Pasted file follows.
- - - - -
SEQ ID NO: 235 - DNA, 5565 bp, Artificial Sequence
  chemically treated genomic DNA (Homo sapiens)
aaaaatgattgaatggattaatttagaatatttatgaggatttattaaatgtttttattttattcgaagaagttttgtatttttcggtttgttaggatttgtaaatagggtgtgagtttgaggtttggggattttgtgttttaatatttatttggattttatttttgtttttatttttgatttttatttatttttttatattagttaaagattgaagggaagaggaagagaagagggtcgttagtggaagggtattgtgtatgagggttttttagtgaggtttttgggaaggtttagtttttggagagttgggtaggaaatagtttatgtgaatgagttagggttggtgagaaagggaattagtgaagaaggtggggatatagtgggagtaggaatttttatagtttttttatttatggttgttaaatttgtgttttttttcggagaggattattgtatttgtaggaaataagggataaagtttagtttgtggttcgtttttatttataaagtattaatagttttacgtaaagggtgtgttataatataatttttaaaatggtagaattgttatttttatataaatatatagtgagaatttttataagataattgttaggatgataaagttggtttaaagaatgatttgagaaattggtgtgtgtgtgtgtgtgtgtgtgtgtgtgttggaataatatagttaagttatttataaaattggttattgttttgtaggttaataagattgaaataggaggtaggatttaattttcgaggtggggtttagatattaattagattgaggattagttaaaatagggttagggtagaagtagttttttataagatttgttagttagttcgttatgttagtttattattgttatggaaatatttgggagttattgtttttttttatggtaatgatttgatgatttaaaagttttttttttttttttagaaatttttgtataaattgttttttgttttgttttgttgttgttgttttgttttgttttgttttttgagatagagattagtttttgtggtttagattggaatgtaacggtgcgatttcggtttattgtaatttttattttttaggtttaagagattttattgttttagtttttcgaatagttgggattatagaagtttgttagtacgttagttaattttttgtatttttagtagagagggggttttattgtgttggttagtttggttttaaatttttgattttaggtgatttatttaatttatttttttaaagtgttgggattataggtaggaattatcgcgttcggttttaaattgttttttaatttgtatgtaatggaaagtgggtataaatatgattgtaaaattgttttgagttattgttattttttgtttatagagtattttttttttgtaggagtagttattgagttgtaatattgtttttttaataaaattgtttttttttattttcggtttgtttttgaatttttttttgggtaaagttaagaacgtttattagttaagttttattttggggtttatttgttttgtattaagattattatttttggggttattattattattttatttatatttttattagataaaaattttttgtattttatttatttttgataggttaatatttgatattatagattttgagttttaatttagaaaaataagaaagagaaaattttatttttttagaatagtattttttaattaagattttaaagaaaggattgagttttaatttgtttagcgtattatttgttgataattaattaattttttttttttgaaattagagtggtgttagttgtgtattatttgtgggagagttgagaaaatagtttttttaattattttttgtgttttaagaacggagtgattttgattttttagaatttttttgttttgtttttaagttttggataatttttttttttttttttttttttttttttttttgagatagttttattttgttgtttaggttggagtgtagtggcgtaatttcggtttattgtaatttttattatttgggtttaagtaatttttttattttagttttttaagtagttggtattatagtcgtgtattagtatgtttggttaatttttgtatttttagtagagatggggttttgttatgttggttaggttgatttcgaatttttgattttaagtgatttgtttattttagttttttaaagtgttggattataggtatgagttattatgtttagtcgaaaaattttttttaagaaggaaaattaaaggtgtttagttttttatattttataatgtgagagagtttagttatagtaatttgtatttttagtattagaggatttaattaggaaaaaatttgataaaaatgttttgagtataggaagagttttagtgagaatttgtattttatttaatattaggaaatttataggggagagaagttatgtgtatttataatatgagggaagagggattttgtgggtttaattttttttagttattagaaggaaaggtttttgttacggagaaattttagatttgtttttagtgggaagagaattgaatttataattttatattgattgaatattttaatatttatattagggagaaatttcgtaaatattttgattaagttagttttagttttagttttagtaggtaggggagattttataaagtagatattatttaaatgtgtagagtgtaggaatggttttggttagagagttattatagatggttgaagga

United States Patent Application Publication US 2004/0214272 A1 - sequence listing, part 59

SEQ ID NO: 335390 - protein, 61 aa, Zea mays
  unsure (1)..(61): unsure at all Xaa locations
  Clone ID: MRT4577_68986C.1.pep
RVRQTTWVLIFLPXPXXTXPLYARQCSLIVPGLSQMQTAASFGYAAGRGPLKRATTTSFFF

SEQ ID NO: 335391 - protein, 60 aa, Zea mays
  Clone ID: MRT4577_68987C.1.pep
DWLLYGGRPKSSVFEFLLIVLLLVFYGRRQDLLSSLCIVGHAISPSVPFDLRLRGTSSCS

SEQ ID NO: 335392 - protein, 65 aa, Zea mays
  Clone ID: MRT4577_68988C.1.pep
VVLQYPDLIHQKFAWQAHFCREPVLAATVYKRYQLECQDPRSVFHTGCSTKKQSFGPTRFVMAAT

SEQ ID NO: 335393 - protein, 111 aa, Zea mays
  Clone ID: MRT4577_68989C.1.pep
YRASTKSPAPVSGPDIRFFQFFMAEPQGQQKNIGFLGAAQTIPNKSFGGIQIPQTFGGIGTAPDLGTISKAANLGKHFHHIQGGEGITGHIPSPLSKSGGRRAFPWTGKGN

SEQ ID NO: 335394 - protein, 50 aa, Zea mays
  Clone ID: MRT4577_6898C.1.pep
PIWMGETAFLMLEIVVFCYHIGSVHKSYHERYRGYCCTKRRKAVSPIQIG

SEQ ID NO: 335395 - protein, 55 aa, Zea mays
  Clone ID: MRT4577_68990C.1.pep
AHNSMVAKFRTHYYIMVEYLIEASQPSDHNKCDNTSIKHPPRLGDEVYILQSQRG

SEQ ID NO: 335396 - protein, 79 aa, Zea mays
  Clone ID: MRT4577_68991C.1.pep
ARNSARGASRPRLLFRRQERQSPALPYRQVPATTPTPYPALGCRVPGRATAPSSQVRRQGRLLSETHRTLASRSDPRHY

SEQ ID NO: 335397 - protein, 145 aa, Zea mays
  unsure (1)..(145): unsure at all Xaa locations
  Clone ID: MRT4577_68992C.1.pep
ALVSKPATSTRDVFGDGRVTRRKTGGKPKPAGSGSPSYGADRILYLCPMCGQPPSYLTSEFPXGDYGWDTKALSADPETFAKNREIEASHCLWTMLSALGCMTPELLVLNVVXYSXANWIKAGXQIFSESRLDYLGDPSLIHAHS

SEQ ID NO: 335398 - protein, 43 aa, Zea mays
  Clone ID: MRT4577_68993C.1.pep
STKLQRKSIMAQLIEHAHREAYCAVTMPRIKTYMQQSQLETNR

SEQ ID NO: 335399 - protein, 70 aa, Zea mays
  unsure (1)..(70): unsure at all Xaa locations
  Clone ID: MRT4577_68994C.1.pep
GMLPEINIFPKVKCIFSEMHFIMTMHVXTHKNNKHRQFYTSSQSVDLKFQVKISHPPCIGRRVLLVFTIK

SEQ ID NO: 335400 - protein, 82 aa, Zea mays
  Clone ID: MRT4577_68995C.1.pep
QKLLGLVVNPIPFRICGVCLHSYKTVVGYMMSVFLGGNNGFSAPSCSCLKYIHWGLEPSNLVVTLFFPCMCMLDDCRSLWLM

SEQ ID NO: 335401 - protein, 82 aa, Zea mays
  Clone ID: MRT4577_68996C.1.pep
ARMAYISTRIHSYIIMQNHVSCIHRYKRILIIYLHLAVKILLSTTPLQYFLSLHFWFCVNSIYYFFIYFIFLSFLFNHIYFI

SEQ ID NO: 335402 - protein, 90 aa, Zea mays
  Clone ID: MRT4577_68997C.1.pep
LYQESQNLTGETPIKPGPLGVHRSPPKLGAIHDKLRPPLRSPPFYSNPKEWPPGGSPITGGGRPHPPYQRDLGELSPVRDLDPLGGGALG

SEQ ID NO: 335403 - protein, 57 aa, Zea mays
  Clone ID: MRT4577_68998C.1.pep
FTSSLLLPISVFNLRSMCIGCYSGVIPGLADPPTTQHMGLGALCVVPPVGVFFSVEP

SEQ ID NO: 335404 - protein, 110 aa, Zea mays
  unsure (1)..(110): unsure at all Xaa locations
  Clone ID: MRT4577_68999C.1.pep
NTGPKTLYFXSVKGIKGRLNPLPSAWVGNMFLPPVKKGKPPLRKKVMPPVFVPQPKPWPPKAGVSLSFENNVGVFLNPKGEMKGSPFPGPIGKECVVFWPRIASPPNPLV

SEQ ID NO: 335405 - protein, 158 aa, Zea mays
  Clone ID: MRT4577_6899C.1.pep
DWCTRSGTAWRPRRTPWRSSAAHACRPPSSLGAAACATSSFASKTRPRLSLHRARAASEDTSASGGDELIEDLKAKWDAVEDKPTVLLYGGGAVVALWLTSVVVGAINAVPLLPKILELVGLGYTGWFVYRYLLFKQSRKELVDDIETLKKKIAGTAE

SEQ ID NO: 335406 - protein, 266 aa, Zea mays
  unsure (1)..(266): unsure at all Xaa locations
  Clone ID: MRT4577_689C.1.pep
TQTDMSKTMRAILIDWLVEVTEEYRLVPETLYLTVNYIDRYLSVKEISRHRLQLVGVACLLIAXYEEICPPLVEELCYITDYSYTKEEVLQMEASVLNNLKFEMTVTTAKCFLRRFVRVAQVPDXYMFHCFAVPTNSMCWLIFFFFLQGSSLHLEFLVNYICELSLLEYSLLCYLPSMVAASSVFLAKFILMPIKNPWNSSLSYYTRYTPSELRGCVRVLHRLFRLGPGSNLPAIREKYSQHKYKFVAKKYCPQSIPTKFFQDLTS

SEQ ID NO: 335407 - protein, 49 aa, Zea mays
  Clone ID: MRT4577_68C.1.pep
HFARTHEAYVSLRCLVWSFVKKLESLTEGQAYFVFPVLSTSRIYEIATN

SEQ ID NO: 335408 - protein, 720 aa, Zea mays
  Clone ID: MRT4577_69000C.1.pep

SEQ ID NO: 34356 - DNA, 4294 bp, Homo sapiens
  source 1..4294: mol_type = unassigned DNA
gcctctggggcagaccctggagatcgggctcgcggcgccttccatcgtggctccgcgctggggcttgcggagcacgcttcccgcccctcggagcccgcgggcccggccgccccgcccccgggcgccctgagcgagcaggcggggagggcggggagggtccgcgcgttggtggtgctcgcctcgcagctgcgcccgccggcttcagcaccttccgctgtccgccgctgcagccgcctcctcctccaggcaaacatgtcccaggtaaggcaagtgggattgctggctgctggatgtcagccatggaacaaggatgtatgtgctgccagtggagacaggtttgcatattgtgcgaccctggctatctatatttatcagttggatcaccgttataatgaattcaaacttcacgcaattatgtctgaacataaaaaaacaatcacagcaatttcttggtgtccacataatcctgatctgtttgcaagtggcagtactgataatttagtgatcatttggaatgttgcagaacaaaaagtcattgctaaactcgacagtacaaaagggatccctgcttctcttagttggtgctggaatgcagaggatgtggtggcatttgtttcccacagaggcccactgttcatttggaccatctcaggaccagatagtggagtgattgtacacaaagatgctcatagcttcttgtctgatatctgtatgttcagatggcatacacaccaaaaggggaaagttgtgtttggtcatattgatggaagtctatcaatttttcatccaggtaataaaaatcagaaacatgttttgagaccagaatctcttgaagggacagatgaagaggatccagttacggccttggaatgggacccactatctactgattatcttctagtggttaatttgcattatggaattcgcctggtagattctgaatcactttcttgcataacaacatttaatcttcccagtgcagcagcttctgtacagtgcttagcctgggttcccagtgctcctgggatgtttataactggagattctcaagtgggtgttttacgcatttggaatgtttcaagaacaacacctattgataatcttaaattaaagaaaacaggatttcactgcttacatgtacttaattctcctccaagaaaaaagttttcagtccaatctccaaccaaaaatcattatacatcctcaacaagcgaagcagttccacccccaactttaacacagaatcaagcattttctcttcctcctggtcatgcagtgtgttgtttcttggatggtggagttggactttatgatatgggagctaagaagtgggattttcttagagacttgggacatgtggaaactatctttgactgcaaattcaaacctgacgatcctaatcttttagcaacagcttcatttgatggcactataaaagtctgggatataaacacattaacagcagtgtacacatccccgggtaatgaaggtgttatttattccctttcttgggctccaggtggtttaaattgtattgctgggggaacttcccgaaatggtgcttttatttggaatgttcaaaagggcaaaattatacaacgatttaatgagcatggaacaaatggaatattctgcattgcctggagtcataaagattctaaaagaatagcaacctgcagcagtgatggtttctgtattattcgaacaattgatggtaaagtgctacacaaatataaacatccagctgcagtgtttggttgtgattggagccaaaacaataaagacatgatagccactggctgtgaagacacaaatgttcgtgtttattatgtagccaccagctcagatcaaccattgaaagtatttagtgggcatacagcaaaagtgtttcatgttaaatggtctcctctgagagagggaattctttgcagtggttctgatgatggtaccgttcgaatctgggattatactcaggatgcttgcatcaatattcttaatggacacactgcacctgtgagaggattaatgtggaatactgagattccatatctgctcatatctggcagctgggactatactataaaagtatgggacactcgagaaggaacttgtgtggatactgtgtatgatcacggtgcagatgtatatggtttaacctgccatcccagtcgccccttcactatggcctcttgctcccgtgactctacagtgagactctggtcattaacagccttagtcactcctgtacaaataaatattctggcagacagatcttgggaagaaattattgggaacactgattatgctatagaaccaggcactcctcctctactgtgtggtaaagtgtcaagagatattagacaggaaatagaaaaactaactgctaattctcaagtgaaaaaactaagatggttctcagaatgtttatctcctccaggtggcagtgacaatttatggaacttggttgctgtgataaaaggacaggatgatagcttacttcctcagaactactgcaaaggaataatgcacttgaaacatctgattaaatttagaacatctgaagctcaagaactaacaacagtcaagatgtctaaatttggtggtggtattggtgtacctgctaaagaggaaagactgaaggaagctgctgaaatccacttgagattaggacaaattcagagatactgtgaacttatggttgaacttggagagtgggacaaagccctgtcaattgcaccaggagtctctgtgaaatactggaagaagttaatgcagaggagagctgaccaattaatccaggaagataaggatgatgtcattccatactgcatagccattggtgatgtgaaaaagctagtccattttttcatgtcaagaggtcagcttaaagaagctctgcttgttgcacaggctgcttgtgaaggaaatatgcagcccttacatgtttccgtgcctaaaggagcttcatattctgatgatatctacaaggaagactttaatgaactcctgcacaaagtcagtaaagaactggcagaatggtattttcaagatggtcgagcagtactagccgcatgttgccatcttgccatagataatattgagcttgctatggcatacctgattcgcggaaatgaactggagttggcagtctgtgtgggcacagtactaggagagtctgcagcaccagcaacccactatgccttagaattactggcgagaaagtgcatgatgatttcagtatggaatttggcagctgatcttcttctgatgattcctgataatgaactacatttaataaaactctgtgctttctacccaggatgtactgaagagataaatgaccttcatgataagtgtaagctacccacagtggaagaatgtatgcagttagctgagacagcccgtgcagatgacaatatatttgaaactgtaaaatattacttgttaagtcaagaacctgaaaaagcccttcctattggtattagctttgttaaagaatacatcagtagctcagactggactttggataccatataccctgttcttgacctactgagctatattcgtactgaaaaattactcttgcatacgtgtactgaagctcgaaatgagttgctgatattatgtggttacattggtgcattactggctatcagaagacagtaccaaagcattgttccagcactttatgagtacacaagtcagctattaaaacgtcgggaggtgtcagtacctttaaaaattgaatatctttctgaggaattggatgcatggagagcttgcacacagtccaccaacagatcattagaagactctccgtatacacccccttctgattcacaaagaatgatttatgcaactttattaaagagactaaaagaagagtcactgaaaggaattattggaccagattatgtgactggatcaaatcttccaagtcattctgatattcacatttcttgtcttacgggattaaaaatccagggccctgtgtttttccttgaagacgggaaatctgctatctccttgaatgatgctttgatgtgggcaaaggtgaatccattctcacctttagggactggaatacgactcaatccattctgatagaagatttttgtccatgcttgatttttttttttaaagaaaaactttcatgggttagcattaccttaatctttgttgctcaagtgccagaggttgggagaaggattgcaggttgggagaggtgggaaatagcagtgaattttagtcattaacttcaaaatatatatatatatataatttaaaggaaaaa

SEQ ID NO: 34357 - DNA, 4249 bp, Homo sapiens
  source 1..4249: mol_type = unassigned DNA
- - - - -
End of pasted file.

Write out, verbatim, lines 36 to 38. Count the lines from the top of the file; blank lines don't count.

  Clone ID: MRT4577_68994C.1.pep
GMLPEINIFPKVKCIFSEMHFIMTMHVXTHKNNKHRQFYTSSQSVDLKFQVKISHPPCIGRRVLLVFTIK

SEQ ID NO: 335400 - protein, 82 aa, Zea mays